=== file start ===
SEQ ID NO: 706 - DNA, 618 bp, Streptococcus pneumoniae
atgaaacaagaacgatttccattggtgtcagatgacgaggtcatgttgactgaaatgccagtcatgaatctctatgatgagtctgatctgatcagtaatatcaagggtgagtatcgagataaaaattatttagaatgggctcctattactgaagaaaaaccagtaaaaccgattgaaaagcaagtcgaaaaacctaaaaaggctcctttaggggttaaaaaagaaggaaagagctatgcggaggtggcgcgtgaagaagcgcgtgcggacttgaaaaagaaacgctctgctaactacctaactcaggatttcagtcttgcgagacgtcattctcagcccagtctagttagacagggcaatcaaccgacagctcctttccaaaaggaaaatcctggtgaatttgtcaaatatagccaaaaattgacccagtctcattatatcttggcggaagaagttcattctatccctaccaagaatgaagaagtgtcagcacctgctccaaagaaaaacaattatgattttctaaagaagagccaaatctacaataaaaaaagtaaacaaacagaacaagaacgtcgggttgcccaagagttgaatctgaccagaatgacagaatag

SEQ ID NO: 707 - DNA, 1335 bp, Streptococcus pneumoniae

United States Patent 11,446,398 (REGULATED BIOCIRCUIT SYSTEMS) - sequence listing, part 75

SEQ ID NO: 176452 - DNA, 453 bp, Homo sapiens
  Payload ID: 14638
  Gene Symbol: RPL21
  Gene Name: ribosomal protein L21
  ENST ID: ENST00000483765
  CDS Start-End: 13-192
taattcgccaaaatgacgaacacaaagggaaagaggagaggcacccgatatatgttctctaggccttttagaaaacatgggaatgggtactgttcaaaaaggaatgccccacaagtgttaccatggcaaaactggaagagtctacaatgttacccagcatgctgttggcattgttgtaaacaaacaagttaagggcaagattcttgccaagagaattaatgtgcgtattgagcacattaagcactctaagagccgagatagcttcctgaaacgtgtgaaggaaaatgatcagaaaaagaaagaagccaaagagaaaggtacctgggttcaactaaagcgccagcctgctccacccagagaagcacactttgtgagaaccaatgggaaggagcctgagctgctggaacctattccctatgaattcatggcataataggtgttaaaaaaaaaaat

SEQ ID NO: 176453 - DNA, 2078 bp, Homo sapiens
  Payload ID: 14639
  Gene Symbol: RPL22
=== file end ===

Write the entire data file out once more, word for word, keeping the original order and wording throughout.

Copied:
SEQ ID NO: 706 - DNA, 618 bp, Streptococcus pneumoniae
atgaaacaagaacgatttccattggtgtcagatgacgaggtcatgttgactgaaatgccagtcatgaatctctatgatgagtctgatctgatcagtaatatcaagggtgagtatcgagataaaaattatttagaatgggctcctattactgaagaaaaaccagtaaaaccgattgaaaagcaagtcgaaaaacctaaaaaggctcctttaggggttaaaaaagaaggaaagagctatgcggaggtggcgcgtgaagaagcgcgtgcggacttgaaaaagaaacgctctgctaactacctaactcaggatttcagtcttgcgagacgtcattctcagcccagtctagttagacagggcaatcaaccgacagctcctttccaaaaggaaaatcctggtgaatttgtcaaatatagccaaaaattgacccagtctcattatatcttggcggaagaagttcattctatccctaccaagaatgaagaagtgtcagcacctgctccaaagaaaaacaattatgattttctaaagaagagccaaatctacaataaaaaaagtaaacaaacagaacaagaacgtcgggttgcccaagagttgaatctgaccagaatgacagaatag

SEQ ID NO: 707 - DNA, 1335 bp, Streptococcus pneumoniae

United States Patent 11,446,398 (REGULATED BIOCIRCUIT SYSTEMS) - sequence listing, part 75

SEQ ID NO: 176452 - DNA, 453 bp, Homo sapiens
  Payload ID: 14638
  Gene Symbol: RPL21
  Gene Name: ribosomal protein L21
  ENST ID: ENST00000483765
  CDS Start-End: 13-192
taattcgccaaaatgacgaacacaaagggaaagaggagaggcacccgatatatgttctctaggccttttagaaaacatgggaatgggtactgttcaaaaaggaatgccccacaagtgttaccatggcaaaactggaagagtctacaatgttacccagcatgctgttggcattgttgtaaacaaacaagttaagggcaagattcttgccaagagaattaatgtgcgtattgagcacattaagcactctaagagccgagatagcttcctgaaacgtgtgaaggaaaatgatcagaaaaagaaagaagccaaagagaaaggtacctgggttcaactaaagcgccagcctgctccacccagagaagcacactttgtgagaaccaatgggaaggagcctgagctgctggaacctattccctatgaattcatggcataataggtgttaaaaaaaaaaat

SEQ ID NO: 176453 - DNA, 2078 bp, Homo sapiens
  Payload ID: 14639
  Gene Symbol: RPL22